Deans' stroke musings

Changing stroke rehab and research worldwide now.Time is Brain!Just think of all the trillions and trillions of neurons that DIE each day because there are NO effective hyperacute therapies besides tPA(only 12% effective). I have 493 posts on hyperacute therapy, enough for researchers to spend decades proving them out. These are my personal ideas and blog on stroke rehabilitation and stroke research. Do not attempt any of these without checking with your medical provider. Unless you join me in agitating, when you need these therapies they won't be there.

What this blog is for:

Shortly after getting out of the hospital and getting NO information on the process or protocols of stroke rehabilitation and recovery I started searching on the internet and found that no other survivor received useful information. This is an attempt to cover all stroke rehabilitation information that should be readily available to survivors so they can talk with informed knowledge to their medical staff. It's quite disgusting that this information is not available from every stroke association and doctors group.
My back ground story is here:

Tuesday, February 14, 2017

Elevated brain derived neurotrophic factor (BDNF) levels in plasma but not serum reflect in vivo functional viability of infused mesenchymal stem cells after middle cerebral artery occlusion in rat

I don't know what this means in plain English, so go ask your doctor to translate. Should we be getting a BDNF or MSC intervention immediately post-stroke? I don't care that this was in rats, your doctor should know what is going on in stroke research. I have 103 posts on BDNF in case your doctor knows nothing.



Intravenous infusion of mesenchymal stem cells (MSCs) derived from adult bone marrow elicits functional recovery in rat stroke models and clinical studies in patients are ongoing. Brain derived neurotrophic factor (BDNF) is a neurotrophic factor produced by MSCs and may contribute to their therapeutic efficacy. The purpose of the current study was to determine if BDNF is elevated in infarcted brain and in which compartment of blood (plasma or serum) after intravenous MSC infusion in a middle cerebral artery occlusion (MCAO) model in the rat.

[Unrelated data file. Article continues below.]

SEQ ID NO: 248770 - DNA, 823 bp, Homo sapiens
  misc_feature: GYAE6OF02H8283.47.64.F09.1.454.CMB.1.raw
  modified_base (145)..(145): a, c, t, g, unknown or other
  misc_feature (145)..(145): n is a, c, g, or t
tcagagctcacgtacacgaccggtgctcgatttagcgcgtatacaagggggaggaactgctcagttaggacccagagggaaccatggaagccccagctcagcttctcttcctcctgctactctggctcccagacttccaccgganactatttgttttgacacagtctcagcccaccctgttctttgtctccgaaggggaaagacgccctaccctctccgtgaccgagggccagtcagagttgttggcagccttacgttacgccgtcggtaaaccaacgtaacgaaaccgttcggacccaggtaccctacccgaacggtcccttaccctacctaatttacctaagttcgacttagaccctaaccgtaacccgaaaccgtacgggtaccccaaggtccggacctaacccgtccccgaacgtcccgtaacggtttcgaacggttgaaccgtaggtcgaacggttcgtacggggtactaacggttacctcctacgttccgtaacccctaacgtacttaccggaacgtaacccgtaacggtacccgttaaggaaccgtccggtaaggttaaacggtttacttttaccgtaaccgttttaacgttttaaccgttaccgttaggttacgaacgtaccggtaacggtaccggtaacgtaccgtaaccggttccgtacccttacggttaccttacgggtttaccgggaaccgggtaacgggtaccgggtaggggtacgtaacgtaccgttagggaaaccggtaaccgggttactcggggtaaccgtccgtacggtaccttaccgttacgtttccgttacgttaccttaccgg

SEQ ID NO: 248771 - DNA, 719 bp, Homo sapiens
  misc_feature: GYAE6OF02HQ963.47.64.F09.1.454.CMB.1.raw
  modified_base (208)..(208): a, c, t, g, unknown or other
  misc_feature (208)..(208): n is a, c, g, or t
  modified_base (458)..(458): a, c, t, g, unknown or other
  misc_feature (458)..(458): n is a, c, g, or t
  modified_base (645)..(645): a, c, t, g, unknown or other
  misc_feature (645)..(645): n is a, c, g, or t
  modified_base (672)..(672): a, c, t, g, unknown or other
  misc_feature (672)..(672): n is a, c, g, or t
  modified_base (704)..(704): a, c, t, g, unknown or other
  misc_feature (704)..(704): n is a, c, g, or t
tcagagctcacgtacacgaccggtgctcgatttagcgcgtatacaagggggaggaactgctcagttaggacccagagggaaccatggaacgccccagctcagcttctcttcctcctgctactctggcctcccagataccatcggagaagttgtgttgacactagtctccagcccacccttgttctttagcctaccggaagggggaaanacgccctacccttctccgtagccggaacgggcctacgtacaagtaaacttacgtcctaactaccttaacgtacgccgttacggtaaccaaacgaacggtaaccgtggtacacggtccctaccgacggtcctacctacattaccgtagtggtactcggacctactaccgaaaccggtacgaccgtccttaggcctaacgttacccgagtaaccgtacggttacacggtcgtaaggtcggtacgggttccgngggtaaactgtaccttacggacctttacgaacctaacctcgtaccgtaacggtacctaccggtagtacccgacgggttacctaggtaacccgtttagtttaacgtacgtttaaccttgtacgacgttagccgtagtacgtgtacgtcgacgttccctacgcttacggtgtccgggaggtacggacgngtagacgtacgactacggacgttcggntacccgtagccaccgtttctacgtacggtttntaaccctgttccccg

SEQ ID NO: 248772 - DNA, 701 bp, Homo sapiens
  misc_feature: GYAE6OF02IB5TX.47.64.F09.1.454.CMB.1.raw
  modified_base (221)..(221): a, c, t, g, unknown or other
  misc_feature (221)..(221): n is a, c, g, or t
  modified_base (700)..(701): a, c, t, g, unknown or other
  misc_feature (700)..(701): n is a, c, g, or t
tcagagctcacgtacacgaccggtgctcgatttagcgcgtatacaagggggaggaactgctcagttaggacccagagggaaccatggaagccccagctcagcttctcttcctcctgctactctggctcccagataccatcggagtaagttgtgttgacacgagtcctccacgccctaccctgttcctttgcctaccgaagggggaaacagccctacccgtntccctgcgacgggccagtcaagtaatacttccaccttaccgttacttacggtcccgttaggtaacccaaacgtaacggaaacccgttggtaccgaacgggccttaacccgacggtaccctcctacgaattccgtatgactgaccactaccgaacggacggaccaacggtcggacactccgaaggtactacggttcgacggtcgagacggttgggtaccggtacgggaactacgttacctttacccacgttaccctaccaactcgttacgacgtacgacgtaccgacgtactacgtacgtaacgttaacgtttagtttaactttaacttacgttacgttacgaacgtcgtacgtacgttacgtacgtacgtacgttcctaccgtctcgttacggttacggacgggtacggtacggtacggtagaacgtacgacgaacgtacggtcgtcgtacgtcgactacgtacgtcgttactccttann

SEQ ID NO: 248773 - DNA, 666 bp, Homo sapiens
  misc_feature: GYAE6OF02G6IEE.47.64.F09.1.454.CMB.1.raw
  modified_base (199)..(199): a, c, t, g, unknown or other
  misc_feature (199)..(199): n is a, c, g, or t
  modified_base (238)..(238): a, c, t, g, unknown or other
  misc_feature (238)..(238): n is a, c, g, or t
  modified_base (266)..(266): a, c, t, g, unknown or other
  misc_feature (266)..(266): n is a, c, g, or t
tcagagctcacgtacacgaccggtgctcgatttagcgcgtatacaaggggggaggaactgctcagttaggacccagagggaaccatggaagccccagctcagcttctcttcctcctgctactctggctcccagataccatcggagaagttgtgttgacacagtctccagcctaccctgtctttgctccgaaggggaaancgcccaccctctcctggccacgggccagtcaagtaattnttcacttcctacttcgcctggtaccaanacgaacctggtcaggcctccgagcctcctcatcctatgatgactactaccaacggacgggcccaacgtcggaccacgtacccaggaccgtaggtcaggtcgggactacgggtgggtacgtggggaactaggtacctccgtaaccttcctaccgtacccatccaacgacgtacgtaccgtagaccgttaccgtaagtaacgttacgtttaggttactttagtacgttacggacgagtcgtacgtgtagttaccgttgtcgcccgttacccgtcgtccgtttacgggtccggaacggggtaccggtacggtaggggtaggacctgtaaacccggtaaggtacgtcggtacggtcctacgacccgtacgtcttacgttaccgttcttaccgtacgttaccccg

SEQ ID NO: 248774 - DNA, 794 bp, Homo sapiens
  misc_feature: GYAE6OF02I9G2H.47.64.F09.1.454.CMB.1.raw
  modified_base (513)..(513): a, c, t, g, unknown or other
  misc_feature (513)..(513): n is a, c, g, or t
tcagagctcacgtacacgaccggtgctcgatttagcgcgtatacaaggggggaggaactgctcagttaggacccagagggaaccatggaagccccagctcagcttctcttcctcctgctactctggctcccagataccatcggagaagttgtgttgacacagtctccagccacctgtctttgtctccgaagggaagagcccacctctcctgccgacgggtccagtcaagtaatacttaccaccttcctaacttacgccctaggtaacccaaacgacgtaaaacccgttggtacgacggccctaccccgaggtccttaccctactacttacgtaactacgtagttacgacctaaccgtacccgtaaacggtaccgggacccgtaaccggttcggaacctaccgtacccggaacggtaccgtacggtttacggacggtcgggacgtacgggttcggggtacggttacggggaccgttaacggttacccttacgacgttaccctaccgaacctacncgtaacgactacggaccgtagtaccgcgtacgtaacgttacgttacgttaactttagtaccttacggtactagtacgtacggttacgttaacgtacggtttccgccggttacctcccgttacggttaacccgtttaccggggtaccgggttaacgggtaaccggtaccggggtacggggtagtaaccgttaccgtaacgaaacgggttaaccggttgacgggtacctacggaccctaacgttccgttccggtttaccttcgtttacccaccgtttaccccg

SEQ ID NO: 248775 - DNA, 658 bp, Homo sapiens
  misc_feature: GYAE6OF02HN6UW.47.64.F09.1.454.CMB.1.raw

In rats, a permanent middle cerebral artery occlusion (MCAO) was induced by intraluminal vascular occlusion with a microfilament and MSCs were intravenously administered 6 h after right MCAO induction. Enzyme-linked immunosorbent assay (ELISA) analysis of brain, serum and plasma BDNF were performed after the MSC infusion following the MCAO induction. Lesion volume was assessed using magnetic resonance imaging. Functional outcome was assessed using the Limb Placement Test.


Infused MSCs reduced lesion volume and elicited functional improvement compared to the vehicle infused group. ELISA analysis of the MSC treated group revealed an increase BDNF levels in the infarcted hemisphere of the brain and plasma, but not in serum. The MSC group showed a greater increase in BDNF levels than sham control. In the MSC group, the expression of increased plasma BDNF levels correlated with increased brain BDNF levels.


These results support the hypothesis that BDNF levels in plasma, but not serum, may be more appropriate to detect circulating BDNF in vivo following MSC infusion in a cerebral infarction rat model of ischemic stroke. Further, plasma BDNF might reflect in vivo functional viability of infused MSCs after stroke.

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